It also has a ‘body temperature’ feature on the tip, a function I didn’t know I needed but really liked.

    I did orgasm, it was good but similar to orgasms I’ve had from other sex toys that I’ve used.

    PLSRx, £49.99

    National Rabbit Day: round-up of best rabbit sex toys Picture: Amazon METROGRAB ref: https://www.amazon.co.uk/PLSRx-Rabbit-Vibrator-Waterproof-Rechargeable/dp/B07C7795QD
    (Picture: PSLRx)

    I’ve never used a penetrating vibrator before but thankfully, the XX isn’t intimidating for a first time trier.

    When put to use it was highly enjoyable.

    The vibrator itself is pleasurable, as the dildo part is curved to hit the right spot.

    But the rabbit part of the dildo was pretty unsatisfying, because it wasn’t long enough to reach the clit and just dug into me too much.

    On the upside, for those who like to mix it up, it has three intensity settings and four pulsations modes, but I usually just keep it at a steady pace.

    It did make me orgasm though – something that doesn’t always happen when I have sex – and I’ll definitely keep using it.

    Happy Rabbit Triple Curve, £79.99

    National Rabbit Day: round-up of best rabbit sex toys lovehoney https://www.lovehoney.co.uk/product.cfm?p=38896
    (Picture: Lovehoney)

    At first glance, this vibrator looks terrifying, especially with the anal beads daring you to take your self-loving sessions a step further.

    It’s a lot bigger than you’d expect so definitely lube up. And take your time – this isn’t the kind of toy you can just whack out for the daily morning orgasm before work.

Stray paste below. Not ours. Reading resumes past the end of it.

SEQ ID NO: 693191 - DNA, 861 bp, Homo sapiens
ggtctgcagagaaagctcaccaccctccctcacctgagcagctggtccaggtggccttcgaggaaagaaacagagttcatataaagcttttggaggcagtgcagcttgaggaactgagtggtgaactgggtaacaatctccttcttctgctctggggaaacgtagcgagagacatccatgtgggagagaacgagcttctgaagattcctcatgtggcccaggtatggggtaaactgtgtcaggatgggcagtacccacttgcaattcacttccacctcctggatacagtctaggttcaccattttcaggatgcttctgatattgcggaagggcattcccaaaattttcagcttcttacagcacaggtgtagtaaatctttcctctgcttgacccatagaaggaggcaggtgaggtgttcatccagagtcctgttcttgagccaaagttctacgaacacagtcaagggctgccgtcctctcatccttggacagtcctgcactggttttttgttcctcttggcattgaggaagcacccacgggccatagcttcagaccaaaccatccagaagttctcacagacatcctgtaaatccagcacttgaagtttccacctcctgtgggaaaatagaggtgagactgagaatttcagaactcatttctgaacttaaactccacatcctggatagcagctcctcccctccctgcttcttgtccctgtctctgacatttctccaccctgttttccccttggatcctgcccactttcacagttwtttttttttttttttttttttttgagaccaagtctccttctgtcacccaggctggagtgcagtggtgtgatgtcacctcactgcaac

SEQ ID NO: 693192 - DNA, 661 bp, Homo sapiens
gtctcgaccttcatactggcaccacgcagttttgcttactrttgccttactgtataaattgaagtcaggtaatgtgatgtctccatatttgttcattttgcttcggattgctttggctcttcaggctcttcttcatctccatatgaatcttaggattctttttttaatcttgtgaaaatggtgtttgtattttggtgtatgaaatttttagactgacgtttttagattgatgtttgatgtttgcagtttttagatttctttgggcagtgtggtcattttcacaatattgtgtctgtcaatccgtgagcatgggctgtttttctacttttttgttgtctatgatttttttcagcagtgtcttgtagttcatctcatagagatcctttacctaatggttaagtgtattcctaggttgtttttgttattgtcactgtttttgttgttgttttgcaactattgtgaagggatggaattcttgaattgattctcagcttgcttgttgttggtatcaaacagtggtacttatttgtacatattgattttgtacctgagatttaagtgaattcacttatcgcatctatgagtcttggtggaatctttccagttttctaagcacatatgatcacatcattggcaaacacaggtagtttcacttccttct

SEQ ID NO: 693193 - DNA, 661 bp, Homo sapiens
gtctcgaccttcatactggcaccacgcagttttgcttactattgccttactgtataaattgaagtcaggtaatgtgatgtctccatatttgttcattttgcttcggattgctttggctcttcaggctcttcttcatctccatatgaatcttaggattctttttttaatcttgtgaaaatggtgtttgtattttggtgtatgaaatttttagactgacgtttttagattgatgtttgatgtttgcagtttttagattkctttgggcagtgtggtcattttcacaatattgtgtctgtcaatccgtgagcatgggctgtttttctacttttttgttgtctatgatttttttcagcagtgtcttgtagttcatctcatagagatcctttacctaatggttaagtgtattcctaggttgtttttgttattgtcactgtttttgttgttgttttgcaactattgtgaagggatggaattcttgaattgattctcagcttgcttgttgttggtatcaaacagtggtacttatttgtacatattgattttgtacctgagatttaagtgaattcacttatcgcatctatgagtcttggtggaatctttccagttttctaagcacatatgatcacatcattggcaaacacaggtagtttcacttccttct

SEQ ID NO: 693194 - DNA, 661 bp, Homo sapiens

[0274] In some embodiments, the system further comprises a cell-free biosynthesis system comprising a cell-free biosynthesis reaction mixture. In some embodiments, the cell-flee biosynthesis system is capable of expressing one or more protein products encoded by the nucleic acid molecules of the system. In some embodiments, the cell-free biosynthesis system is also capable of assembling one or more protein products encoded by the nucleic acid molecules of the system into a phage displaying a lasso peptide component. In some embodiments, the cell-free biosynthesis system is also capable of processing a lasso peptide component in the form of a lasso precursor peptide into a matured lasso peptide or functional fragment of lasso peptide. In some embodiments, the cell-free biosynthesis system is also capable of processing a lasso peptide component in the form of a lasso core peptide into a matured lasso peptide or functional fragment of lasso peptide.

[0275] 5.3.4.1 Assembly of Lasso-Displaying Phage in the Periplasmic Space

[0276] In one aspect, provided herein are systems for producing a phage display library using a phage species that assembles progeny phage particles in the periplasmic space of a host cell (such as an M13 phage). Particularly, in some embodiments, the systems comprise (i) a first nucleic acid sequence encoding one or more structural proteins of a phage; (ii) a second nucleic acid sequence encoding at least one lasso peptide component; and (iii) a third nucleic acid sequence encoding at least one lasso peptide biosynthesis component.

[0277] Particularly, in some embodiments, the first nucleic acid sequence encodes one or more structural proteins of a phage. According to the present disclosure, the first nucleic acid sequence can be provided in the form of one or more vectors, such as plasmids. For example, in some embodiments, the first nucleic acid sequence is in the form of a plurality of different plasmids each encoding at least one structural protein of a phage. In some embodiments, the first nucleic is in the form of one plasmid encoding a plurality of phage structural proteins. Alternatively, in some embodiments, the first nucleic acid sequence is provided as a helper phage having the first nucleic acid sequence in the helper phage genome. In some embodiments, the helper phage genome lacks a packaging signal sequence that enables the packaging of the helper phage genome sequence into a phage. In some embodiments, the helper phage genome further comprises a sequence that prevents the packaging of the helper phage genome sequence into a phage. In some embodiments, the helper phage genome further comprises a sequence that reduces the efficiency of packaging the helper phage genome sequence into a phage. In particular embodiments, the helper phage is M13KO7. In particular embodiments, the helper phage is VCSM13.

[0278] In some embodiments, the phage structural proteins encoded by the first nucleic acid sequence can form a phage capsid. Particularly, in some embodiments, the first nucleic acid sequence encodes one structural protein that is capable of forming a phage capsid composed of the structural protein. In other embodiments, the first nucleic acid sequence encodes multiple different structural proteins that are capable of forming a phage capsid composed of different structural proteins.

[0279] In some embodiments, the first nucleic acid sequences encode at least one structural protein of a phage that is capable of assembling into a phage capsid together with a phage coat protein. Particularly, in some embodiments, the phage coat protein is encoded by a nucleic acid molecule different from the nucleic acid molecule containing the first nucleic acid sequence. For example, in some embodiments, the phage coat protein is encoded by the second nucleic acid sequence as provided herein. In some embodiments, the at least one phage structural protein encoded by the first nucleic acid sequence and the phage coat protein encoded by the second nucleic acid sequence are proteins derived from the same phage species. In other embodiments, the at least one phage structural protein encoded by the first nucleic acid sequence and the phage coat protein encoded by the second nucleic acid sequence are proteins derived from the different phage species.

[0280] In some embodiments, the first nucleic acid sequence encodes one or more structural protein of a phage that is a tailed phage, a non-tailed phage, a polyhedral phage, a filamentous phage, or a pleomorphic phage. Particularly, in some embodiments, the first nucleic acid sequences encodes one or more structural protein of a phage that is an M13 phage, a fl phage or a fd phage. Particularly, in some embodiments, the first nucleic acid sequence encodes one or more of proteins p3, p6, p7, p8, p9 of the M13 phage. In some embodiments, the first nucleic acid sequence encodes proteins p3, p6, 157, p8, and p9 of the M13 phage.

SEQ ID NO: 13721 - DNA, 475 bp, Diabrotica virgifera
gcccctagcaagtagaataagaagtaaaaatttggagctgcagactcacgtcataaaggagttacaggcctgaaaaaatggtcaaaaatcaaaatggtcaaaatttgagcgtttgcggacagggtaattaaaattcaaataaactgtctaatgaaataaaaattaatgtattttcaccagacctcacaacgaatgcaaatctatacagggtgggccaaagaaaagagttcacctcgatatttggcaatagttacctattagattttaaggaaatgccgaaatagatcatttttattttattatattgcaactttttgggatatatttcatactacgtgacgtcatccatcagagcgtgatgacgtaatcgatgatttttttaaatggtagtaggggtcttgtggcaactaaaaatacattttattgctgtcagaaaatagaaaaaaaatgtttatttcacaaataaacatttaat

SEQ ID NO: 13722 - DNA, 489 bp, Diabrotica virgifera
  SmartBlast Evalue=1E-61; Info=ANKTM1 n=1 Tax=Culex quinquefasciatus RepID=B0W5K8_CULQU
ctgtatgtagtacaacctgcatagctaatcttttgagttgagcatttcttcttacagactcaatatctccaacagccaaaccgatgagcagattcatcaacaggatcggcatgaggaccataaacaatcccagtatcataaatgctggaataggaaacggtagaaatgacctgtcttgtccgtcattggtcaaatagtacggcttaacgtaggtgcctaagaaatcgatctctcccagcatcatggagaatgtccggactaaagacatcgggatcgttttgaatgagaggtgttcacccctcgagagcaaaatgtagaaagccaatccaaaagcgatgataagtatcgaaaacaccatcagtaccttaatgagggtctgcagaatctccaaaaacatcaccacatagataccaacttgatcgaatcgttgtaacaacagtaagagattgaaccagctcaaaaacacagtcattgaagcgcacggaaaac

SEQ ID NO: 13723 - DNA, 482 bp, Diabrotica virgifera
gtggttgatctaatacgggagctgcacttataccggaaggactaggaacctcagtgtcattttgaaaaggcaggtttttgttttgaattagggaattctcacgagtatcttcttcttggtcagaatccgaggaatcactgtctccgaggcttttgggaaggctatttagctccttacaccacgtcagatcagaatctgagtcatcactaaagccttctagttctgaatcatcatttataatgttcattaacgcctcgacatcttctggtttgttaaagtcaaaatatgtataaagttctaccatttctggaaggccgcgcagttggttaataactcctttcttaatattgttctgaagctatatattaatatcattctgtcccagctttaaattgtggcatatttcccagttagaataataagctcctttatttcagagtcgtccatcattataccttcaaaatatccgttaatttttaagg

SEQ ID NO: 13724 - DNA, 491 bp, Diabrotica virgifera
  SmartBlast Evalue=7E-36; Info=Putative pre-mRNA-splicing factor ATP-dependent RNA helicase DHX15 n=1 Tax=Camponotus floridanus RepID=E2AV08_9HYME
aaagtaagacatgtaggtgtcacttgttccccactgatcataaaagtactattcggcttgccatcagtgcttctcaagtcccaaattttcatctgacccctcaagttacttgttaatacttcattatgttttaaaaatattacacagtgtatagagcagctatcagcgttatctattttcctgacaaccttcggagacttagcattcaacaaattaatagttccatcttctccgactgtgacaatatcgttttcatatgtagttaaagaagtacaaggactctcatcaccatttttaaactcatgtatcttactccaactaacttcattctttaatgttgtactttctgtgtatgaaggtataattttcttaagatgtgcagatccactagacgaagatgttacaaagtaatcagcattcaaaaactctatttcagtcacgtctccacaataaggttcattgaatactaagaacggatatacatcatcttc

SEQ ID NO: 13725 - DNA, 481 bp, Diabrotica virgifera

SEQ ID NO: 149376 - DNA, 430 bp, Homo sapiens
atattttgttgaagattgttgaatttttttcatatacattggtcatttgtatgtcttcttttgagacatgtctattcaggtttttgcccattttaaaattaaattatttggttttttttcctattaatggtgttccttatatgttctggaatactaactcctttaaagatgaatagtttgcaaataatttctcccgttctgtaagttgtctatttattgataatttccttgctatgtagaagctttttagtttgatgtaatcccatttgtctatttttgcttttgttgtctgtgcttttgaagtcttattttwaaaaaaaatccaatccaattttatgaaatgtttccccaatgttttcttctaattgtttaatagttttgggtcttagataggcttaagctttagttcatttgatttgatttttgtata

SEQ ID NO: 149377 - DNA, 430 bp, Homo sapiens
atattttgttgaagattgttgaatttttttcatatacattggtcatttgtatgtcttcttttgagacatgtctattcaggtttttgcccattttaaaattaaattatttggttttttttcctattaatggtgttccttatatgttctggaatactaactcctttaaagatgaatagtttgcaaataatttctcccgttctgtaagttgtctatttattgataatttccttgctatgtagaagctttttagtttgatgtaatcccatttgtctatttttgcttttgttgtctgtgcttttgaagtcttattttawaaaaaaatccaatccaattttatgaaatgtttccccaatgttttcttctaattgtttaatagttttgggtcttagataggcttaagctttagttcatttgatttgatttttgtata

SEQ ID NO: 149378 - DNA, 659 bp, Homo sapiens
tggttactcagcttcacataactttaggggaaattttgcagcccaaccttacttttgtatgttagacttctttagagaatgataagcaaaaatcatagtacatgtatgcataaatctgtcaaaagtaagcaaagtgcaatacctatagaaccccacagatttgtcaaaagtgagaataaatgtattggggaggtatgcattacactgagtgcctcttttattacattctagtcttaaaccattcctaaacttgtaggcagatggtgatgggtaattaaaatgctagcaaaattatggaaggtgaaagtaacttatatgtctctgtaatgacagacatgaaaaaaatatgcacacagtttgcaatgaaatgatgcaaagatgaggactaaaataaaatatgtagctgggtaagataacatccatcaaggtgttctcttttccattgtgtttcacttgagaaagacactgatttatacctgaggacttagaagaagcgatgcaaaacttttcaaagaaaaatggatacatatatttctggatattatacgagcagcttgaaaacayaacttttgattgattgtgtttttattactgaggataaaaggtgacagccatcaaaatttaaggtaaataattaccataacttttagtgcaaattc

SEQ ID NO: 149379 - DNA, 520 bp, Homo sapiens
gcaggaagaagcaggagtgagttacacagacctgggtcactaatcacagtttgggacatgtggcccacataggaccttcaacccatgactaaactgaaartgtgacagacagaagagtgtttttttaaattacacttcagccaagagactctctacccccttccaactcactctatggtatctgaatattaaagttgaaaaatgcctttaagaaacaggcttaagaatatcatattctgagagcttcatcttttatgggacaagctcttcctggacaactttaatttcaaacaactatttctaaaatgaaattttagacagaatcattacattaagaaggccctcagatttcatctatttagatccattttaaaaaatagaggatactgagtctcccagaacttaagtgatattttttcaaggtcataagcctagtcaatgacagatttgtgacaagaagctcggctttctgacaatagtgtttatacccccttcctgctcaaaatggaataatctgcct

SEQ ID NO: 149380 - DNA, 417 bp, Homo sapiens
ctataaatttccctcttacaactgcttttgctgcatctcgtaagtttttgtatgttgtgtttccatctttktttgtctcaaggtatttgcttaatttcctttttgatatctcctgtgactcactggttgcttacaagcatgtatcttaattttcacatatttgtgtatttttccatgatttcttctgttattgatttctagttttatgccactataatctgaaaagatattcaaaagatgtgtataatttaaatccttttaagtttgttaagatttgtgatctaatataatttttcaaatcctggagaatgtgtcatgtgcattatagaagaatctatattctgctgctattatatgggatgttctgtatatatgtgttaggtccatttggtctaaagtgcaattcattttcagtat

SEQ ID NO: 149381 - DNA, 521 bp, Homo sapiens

The penetrating bit meant for your vagina is fairly standard, but the size wasn’t quite right for me. The rabbit ears also slightly missed the mark, clitoris-wise.

    Meanwhile, trying to shove the anal part inside proved very difficult, because I couldn’t reach the right way.

    In the end, I was left a little disappointed and didn’t orgasm, because it felt like too much effort.

    Having said that, I’d definitely try it again with a partner, so he can help me out. Hopefully then I can enjoy the benefits of the toy fully (especially the anal part).

    Bondara Pride Luxury Rainbow, £24.99

    National Rabbit Day: round-up of best rabbit sex toys Bondara Pride Luxury Rainbow Rabbit Vibrator picture: bondara.co.uk METROGRAB https://www.bondara.co.uk/bondara-pride-luxury-rainbow-rabbit-vibrator
    (Picture: Bondara)

    Firstly, it’s just so cute. Yay for the rainbow!

    I love that 10% of the proceeds of the Bondara dildo go to the LGBT Foundation.

    Sadly, although it’s a great size for taking with you when you’re travelling, it came up a bit short. Quite literally, I couldn’t reach my g spot.

    The rabbit part was nice but felt somewhat intense after a while.

    But it gets plus points for the handle – the loop made it very easy to use the vibrator, something I’ve been missing with other toys.

    Top tips when buying a rabbit

    • If you’re popping your vibrator cherry, pick something smaller to begin with. The extra gadgets and triple-action toys can be intimidating if you’ve never played with one before.
    • Invest in a good lubricant, especially if you’re using a larger vibrator.
    • Looking online but can’t decide whether to get a traditional rabbit or the sleeker, less bunny-type models? Visit a sex shop instead, as many of them have vibrators on display so that you can touch the different textures and settings (in your hand, mind you).
    • Cleanliness is important. Keep your rabbit in tip-top condition by cleaning it after every use. Most vibrators come with instructions for this, but if in doubt use warm water and if you want, a bit of non-perfumed soap. Or alternatively, use a damp cloth.
    • Vibrators don’t just have to be for solo play. Want to spice things up with your partner? Then why not ask him or her to join you.
    • Although most rabbits are generally designed for the female anatomy, that doesn’t mean men can’t enjoy them, too.

    MORE: The bouncing spoon is the super intimate sex position you need to try this weekend

    MORE: As it’s National Orgasm Day, here are 12 types of female orgasm you can try

    MORE: What are ‘daddy issues’ and why do some men avoid or look for partners with them?